P35 ‘service company’ question for limited company contractors

Please note that the Employer Annual Return (P35) was abolished from April 2013, and replaced by Real Time Information (RTI) reporting.

Limited company directors are required to submit their P35 (employer annual return) forms to HMRC by 19th May.

The P35 details the tax and national insurance contributions paid by each company employee during the tax year.

Section 6 of Part 3 of the P35 return has the potential to cause confusion (as it has done in previous years).

Are you a service company?

There are 2 questions in section 6 which need to be answered:

1) Are you a service company?

2) If “yes”, have you operated the Intermediaries legislation (sometimes known as IR35) or the Managed Service Companies legislation?

How should you answer these questions?

According to the official guidance (PDF), the first question should be answered “yes” if:

  • an individual performed services (intellectual, manual or a mixture of the two) for a client or clients, and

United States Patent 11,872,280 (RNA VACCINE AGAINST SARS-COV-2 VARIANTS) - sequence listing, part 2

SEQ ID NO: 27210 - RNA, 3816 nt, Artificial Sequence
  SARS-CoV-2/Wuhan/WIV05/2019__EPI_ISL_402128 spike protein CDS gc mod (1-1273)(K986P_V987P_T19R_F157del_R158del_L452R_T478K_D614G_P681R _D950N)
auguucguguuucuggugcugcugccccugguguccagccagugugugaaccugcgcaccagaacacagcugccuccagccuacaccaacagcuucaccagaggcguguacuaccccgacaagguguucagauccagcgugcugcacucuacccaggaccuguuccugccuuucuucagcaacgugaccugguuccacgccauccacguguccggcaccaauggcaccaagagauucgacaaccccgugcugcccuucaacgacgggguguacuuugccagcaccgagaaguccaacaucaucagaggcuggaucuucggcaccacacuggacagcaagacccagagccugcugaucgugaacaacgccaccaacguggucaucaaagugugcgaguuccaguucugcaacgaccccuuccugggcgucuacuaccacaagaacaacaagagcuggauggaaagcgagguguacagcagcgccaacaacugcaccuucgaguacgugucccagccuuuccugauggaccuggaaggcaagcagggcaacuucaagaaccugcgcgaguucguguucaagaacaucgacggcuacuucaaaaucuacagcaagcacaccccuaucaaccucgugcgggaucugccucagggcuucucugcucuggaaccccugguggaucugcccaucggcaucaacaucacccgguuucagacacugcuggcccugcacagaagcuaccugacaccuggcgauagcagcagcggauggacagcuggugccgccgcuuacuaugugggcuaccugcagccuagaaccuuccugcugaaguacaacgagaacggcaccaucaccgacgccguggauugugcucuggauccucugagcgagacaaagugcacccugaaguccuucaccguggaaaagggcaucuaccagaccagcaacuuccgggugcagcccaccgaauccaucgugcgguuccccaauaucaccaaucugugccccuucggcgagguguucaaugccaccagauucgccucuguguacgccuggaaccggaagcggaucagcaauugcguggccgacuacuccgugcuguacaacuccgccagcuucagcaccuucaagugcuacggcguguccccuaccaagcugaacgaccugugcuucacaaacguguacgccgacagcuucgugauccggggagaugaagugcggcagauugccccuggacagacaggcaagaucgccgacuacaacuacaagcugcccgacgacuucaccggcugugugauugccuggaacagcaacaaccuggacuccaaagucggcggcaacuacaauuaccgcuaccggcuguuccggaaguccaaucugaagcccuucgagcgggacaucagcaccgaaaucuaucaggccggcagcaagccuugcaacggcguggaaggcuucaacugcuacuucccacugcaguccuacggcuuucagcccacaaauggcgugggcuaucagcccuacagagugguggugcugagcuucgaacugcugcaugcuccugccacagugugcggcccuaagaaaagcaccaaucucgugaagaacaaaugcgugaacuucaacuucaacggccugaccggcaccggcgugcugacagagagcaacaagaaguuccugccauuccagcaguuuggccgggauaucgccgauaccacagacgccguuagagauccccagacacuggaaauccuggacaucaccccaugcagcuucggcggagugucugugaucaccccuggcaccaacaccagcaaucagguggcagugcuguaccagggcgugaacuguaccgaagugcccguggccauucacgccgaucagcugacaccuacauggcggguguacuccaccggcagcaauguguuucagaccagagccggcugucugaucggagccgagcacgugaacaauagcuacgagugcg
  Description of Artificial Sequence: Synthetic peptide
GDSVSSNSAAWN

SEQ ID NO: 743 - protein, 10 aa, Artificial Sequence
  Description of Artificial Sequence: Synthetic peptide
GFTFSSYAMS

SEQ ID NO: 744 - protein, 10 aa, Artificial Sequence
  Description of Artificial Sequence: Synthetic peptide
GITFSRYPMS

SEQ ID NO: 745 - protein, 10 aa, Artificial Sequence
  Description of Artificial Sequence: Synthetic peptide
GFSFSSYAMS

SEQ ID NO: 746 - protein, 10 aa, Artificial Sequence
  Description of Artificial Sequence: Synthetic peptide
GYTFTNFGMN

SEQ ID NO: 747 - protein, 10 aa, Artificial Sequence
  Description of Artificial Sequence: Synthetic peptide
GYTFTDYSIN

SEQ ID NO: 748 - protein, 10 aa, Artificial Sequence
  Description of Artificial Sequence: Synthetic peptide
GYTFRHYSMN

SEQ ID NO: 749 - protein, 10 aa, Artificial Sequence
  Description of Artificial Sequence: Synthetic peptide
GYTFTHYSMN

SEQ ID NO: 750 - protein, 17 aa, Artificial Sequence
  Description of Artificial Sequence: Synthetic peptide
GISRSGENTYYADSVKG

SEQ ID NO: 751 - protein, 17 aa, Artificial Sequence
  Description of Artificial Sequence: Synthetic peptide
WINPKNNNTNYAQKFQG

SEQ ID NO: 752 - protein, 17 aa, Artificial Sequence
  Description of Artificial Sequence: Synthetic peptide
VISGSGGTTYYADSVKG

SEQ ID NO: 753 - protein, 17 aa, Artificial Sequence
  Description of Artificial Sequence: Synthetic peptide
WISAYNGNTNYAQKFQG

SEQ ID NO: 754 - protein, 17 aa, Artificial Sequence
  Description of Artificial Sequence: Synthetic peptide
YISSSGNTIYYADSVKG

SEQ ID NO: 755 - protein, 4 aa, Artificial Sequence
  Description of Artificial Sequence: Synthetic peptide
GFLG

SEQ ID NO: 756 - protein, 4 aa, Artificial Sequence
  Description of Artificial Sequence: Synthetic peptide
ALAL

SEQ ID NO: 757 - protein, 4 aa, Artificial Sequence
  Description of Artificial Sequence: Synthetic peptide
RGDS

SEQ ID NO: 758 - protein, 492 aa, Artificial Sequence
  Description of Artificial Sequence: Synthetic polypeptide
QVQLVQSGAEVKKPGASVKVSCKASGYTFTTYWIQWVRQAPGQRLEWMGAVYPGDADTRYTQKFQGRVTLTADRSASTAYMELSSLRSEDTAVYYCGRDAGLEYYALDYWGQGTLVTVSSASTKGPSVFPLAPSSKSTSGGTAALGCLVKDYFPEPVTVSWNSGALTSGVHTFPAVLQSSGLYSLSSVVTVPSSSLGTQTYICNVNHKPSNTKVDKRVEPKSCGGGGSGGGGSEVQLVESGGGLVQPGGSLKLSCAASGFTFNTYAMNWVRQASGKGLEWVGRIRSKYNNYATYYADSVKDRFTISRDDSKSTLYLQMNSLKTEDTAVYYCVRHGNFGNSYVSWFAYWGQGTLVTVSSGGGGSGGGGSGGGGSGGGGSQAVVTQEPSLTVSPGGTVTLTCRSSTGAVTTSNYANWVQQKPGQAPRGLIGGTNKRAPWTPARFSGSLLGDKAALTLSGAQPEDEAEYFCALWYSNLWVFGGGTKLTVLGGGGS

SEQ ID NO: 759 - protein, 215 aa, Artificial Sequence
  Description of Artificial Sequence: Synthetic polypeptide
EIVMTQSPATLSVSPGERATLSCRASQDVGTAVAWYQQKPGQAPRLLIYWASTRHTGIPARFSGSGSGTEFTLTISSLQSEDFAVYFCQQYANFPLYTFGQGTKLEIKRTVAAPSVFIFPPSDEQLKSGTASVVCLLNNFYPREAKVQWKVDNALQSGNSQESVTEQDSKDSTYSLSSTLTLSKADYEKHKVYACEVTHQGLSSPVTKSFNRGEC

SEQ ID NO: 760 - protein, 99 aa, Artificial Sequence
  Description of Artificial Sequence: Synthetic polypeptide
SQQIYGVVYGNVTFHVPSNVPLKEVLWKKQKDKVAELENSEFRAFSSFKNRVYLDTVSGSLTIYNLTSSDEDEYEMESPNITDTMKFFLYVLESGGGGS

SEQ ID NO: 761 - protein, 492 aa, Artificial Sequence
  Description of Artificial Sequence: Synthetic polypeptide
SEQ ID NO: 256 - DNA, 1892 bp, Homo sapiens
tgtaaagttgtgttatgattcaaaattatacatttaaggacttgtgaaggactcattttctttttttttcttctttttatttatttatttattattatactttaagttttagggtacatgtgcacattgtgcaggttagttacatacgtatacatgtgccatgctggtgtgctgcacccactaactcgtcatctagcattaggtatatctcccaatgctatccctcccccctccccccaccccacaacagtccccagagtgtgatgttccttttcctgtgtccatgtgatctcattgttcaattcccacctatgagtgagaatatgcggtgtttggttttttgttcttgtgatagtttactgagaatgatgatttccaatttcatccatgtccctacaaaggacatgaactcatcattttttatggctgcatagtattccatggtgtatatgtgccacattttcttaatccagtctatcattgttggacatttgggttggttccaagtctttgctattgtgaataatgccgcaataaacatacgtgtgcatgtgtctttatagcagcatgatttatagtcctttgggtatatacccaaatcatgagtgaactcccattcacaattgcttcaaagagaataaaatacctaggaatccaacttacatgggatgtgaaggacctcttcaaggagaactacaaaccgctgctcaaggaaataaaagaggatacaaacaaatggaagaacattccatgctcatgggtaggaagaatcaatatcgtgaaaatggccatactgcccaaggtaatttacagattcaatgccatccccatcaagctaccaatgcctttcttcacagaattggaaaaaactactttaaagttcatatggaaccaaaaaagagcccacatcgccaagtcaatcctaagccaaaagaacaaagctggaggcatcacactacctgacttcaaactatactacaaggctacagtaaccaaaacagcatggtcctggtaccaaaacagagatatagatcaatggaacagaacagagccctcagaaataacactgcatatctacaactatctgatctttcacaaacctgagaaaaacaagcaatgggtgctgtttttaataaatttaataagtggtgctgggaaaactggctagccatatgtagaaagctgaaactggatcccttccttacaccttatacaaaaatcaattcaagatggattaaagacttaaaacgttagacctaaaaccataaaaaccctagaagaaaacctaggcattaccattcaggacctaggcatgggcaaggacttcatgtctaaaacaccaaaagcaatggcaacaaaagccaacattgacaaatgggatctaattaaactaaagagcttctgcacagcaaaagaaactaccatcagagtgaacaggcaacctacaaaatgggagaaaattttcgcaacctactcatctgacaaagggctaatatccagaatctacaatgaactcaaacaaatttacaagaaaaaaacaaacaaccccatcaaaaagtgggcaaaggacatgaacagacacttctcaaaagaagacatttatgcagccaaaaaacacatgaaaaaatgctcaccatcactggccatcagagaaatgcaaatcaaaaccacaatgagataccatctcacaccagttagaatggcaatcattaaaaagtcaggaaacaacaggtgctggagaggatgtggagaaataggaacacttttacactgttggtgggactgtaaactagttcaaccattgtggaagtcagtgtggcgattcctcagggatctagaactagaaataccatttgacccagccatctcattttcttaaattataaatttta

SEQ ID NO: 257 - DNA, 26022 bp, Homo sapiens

• the services were provided under a contract between the client and the company of which, at any time during the tax year, the individual performing the services was a shareholder or partner, and
  • the company’s income was, at any time during the tax year, derived wholly or mainly (that is, more than half of it) from the services performed by the shareholders.

HMRC clarifies things by stating that, in this context, the term “service company” includes a limited, a limited liability partnership (LLP), or partnership.

Clearly, most limited company contractors will answer “yes” to the first question based on HMRC guidance.

Answering the second question is more straightforward (are you caught by IR35 or the MSC legislation).

Most commentators are also agreed in that if you answer “no” to question 1, you should also answer “no” to question 2.

What are HMRC’s motives?

If you answer “yes” to question 1 (are you a service company?), and “no” to question 2 (are you caught by IR35, or are you an MSC), some industry experts think this may trigger a tax enquiry.

For the last tax year, accountants Reilly McMordie stated:

“We believe HMRC is using this to try to identify companies that may be subject to IR35 or the MSC rules but are not operating them.”

Rebecca Bennyworth, the editor at AccountingWeb, said:

“I suggest that the likely outcome of a “Yes” and “No” response to Parts 1 and 2 respectively is a compliance check to see whether the contract and engagement terms stand up to scrutiny.”

You can read Rebecca’s analysis of the situation here.

Partner Contractor Accountants

Last updated: 16th June 2019